This is a much more efficient way to find the best deal "for you" than running willy nilly from listing agent to listing agent.

For information about, and assistance with, purchasing foreclosures, short sales or (oh happy days!) non-distressed properties, contact me at 603-490-5344.

P.S.  Although I have met a few frightening agents in my years in real estate, I am happy to say I have never met one who actually eats their own young.

 

Comment balloon 15 commentsJoy Baker • February 02 2015 06:54PM

Comments

I like your monkey juggling money!  May I re-use that image?

Posted by Michael McGlynn -Buyers Like Mike!, Buyers Like Mike!....Find Out Why! (Re/Max The Producers) almost 4 years ago

I got the graphic from i-clipart.  You pay a nominal fee per year and they have a ton of great, royalty free, graphics.  I don't mind if you use the graphic.  I don't know if they will.

Posted by Joy Baker, So NH RE & Short Sale Specialist (RE/MAX Insight) almost 4 years ago

Second your comment about iclipart, they have some good stuff.  Excellent post outlining the reasons buyers may be better served by using an agent who is dedicated to the buyers' best interests. 

Posted by Susan Haughton, Susan & Mindy Team...Honesty. Integrity. Results. (Long and Foster REALTORS (703) 470-4545) almost 4 years ago

Thanks, Susan.  As we all know, many buyers don't really understand how it all works.

Posted by Joy Baker, So NH RE & Short Sale Specialist (RE/MAX Insight) almost 4 years ago

Dual agency is a hot button issue for a lot of folks here. It can be dicey but all real estate agents are bound by laws and regulations. Some can choose to not follow them but most will. It is still far better for a buyer to have their own representation working exclusively for their best interests.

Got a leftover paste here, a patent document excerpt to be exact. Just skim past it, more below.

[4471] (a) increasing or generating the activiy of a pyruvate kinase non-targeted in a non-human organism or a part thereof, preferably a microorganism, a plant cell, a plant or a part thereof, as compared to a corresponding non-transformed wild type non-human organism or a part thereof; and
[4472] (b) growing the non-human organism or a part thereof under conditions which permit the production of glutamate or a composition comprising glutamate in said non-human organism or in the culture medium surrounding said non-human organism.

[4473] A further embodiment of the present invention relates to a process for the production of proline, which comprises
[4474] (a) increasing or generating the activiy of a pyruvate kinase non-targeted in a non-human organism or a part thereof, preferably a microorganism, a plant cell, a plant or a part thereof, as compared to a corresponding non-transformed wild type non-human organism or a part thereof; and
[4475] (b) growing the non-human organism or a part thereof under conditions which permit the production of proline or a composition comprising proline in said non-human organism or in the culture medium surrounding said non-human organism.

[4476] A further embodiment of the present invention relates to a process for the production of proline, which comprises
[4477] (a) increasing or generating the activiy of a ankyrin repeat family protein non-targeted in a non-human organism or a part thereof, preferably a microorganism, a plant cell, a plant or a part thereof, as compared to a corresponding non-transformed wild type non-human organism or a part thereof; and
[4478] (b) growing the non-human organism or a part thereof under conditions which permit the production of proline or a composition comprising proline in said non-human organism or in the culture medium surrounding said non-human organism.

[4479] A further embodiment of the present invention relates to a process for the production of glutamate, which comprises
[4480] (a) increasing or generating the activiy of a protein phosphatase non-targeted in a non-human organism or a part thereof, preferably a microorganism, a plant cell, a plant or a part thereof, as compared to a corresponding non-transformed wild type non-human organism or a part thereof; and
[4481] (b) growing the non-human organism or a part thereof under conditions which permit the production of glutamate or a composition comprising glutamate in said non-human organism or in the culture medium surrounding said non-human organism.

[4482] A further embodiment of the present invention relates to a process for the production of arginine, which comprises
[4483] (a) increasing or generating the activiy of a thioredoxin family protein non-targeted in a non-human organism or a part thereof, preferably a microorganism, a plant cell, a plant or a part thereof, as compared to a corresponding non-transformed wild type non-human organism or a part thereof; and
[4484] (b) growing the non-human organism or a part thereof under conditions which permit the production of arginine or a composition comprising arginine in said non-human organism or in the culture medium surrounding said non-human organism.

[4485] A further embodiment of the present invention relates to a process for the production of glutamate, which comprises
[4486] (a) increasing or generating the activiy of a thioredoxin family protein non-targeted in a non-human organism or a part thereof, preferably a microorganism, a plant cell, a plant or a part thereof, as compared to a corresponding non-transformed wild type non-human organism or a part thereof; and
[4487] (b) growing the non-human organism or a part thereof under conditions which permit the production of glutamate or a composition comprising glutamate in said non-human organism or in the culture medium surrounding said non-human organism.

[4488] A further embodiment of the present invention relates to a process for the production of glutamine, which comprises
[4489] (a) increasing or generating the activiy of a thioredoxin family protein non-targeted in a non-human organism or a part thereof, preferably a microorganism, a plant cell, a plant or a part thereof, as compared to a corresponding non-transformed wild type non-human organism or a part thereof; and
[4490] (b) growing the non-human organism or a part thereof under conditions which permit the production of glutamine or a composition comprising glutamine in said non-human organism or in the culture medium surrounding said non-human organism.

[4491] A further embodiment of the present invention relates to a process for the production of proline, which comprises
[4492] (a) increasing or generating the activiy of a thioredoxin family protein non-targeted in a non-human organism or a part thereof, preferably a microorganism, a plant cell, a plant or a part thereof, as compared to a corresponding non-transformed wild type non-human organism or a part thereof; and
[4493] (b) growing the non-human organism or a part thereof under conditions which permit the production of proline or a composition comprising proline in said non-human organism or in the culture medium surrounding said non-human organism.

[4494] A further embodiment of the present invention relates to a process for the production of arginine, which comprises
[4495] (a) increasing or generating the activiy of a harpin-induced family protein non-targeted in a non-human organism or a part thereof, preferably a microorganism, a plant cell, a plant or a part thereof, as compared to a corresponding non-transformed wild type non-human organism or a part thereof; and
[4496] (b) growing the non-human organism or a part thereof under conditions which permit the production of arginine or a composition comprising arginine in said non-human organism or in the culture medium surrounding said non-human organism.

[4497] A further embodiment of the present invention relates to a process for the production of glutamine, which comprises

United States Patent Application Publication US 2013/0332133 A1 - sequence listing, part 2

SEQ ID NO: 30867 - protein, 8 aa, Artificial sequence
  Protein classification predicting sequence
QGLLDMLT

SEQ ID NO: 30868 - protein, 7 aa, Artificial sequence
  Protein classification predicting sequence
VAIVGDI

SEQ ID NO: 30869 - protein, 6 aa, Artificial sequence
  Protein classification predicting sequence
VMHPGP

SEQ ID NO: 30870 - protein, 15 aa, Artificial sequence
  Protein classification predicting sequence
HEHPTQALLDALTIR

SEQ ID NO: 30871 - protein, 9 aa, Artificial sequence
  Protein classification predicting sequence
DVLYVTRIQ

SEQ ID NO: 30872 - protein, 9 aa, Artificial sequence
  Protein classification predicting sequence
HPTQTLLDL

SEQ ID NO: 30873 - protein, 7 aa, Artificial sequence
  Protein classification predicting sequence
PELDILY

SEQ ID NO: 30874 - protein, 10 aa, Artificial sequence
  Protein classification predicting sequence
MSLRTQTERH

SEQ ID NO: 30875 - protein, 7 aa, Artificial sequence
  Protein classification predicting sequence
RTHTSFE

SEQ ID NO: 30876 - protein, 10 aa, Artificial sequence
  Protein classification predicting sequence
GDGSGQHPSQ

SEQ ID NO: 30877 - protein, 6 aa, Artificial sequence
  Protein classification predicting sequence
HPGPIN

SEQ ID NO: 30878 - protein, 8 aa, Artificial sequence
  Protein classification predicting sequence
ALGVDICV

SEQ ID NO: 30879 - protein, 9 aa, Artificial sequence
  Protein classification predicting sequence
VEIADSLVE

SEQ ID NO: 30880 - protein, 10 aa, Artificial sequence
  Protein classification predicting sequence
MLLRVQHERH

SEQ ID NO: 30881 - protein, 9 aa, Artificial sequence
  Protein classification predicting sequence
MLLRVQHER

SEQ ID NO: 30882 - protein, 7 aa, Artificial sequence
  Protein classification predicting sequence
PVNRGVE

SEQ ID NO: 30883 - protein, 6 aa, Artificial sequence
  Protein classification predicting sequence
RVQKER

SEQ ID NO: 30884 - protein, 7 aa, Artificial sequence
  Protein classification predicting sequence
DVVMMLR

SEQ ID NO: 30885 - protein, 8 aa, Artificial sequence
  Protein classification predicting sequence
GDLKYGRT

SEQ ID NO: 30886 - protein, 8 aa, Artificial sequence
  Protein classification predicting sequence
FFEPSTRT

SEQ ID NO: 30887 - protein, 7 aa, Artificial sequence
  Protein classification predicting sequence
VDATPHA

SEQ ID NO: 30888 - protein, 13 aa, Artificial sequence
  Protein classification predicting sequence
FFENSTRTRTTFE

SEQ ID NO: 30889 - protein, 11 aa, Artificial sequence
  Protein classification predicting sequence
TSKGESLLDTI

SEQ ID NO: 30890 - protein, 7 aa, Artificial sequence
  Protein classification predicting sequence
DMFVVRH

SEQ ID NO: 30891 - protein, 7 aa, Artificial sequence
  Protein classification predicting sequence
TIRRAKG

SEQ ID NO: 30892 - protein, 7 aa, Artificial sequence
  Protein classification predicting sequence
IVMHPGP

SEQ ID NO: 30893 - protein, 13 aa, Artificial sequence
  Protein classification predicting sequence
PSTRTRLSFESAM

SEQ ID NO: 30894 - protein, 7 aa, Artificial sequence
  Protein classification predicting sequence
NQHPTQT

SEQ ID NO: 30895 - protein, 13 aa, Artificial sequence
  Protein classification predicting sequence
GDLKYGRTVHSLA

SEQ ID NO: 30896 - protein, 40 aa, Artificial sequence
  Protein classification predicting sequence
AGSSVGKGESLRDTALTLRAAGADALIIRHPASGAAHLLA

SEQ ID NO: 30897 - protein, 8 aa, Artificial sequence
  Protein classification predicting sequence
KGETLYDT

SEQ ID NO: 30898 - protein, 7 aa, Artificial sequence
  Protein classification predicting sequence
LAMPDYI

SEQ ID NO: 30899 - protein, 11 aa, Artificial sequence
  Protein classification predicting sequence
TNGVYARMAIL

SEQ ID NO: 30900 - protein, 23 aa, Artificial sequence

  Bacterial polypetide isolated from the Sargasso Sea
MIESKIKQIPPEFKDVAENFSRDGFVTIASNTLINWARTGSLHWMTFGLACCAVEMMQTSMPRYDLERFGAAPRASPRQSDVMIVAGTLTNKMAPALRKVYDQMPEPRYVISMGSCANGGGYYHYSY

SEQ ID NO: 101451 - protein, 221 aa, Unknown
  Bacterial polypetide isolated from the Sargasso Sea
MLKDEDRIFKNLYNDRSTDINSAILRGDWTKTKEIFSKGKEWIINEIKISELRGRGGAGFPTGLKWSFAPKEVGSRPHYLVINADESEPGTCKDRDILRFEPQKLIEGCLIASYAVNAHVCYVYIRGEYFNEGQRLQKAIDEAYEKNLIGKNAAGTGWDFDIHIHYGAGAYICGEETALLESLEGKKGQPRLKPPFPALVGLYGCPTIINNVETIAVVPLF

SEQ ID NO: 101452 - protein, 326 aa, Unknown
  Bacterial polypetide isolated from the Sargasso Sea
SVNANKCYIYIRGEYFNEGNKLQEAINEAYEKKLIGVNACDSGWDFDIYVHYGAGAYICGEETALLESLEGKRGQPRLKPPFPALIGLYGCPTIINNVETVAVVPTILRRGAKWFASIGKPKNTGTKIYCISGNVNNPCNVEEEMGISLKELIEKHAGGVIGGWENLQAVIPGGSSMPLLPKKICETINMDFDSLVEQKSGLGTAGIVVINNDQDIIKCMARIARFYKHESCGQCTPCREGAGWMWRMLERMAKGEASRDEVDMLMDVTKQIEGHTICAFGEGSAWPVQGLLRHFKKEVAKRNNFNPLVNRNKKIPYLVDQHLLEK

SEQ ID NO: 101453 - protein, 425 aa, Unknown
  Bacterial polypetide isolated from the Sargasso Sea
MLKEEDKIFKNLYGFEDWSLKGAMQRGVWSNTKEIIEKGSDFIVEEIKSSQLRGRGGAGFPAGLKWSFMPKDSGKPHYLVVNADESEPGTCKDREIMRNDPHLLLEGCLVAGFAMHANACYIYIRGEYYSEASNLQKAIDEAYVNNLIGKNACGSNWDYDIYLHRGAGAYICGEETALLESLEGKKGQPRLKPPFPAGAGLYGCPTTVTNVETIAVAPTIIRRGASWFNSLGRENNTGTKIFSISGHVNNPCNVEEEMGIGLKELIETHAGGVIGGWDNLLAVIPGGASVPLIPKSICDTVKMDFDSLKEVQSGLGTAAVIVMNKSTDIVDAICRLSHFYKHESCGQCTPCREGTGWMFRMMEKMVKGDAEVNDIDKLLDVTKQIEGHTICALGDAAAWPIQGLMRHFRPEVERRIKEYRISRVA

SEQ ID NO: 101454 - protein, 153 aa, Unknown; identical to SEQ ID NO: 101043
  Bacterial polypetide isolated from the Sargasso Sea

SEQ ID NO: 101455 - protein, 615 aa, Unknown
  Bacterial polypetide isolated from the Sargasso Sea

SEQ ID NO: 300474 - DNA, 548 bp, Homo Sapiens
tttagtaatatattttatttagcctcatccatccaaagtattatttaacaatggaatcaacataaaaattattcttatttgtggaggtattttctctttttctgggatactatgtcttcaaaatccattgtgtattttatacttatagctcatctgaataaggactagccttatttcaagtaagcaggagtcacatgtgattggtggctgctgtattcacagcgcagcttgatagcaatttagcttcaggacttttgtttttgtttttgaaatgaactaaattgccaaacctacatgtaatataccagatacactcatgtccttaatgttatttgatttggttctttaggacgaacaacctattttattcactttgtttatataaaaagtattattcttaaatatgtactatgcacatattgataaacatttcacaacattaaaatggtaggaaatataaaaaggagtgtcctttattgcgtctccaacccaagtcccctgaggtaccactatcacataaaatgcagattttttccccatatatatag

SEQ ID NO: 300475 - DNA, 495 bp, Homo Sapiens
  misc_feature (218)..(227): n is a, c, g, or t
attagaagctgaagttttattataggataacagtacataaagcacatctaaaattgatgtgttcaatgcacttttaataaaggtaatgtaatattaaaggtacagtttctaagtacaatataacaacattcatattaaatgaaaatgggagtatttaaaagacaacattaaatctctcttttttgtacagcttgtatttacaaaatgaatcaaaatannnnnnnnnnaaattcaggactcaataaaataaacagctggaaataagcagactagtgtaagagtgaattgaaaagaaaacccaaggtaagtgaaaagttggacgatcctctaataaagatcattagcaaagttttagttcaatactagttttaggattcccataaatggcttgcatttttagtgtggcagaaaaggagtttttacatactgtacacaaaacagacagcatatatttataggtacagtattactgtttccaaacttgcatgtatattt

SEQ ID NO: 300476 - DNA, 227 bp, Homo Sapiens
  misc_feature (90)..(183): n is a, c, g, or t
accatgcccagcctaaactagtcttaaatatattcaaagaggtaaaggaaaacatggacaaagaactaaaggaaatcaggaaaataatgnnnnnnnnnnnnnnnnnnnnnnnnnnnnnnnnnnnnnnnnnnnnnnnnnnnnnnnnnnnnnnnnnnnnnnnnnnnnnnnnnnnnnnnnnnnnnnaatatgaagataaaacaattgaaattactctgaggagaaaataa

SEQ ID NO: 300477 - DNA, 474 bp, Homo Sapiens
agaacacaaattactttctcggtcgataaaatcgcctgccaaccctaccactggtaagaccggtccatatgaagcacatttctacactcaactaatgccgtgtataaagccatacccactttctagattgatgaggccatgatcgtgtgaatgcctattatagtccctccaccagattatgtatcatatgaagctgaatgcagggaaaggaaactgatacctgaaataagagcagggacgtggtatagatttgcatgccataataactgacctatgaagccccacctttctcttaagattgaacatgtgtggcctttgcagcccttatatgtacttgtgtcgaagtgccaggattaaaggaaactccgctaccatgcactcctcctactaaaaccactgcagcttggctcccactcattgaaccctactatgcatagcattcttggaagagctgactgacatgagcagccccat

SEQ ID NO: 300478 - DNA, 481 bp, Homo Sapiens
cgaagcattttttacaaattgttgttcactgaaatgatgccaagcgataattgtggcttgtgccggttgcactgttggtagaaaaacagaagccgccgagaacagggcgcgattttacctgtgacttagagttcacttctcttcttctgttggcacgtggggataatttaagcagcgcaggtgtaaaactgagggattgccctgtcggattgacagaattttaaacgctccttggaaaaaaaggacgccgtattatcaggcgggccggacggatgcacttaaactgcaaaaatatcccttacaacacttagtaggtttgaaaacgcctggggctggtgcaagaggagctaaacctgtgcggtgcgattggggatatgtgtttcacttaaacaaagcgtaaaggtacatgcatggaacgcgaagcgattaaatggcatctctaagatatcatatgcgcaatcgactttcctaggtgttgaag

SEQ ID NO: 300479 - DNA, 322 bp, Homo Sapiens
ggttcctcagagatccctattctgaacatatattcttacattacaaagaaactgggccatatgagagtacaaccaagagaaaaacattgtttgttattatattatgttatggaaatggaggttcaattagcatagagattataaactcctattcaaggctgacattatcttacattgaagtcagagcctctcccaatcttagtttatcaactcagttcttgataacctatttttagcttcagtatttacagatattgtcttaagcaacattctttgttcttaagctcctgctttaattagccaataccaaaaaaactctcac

Posted by Nicole Doty - Gilbert Real Estate Expert, Broker/Owner of Zion Realty ZionRealtyAZ.com (Zion Realty) almost 4 years ago

Hi Nicole~Thanks for stopping by.  Dual Agency is fine as long as all parties understand, and agree to, the limitations.

Posted by Joy Baker, So NH RE & Short Sale Specialist (RE/MAX Insight) almost 4 years ago

Unfortunately a lot of buyers don't realize that the listing commission is the listing commission whether there is a buyer's agent or not.  It's always better to have your own representation, in court and in real estate!

Posted by Jenna Dixon, Empowers You With a Better Real Estate Experience (DRA Homes | Cobb County Real Estate ) almost 4 years ago

It is unfortunate, Jenna. 

Posted by Joy Baker, So NH RE & Short Sale Specialist (RE/MAX Insight) almost 4 years ago

I don't know why buyers do that.  If they think they can work a "deal out" with the listing agent, and they find a listing agent that will work said deal . . . Holy doodoo Batman!!  

Posted by Carla Muss-Jacobs, RETIRED (RETIRED / State License is Inactive) almost 4 years ago

I always love it when I get a call "we want to work with the listing agent, they would know the most about the property".  LOL   Want to bet?

Posted by Rob D. Shepherd, Principal Broker ABR, GRI (Windermere/lane county) almost 4 years ago

Holy DooDooBatman is right Carla!

Posted by Joy Baker, So NH RE & Short Sale Specialist (RE/MAX Insight) almost 4 years ago

True dat, Rob.  Especially if it's a foreclosure.  There's a possibility the listing agent has never even set foot on the property.

Posted by Joy Baker, So NH RE & Short Sale Specialist (RE/MAX Insight) almost 4 years ago

Joy: I wish buyers would understand that listing agents work for the seller...it is not in a buyers best interest to go that route!

Posted by Anita Clark, Realtor - Homes for Sale in Warner Robins GA (ColdwellBanker SSK Realtors ~ 478.960.8055) almost 4 years ago

Unfortunately, I think a lot of buyers still think we're glorified door openers, Anita.  Since they're operating at a level of unconscious incompetence and, therefore, don't even know what they don't know, they are unaware of the true importance of having an "agent" represent them.

Posted by Joy Baker, So NH RE & Short Sale Specialist (RE/MAX Insight) almost 4 years ago

This is a great title:) 

It is funny that with so much information online, our clients still believe in ''better deals'' and opportunities working with a dual agent.

Posted by Inna Ivchenko, Realtor® • Green • GRI • HAFA • PSC Calabasas CA (Barcode Properties) over 2 years ago

Participate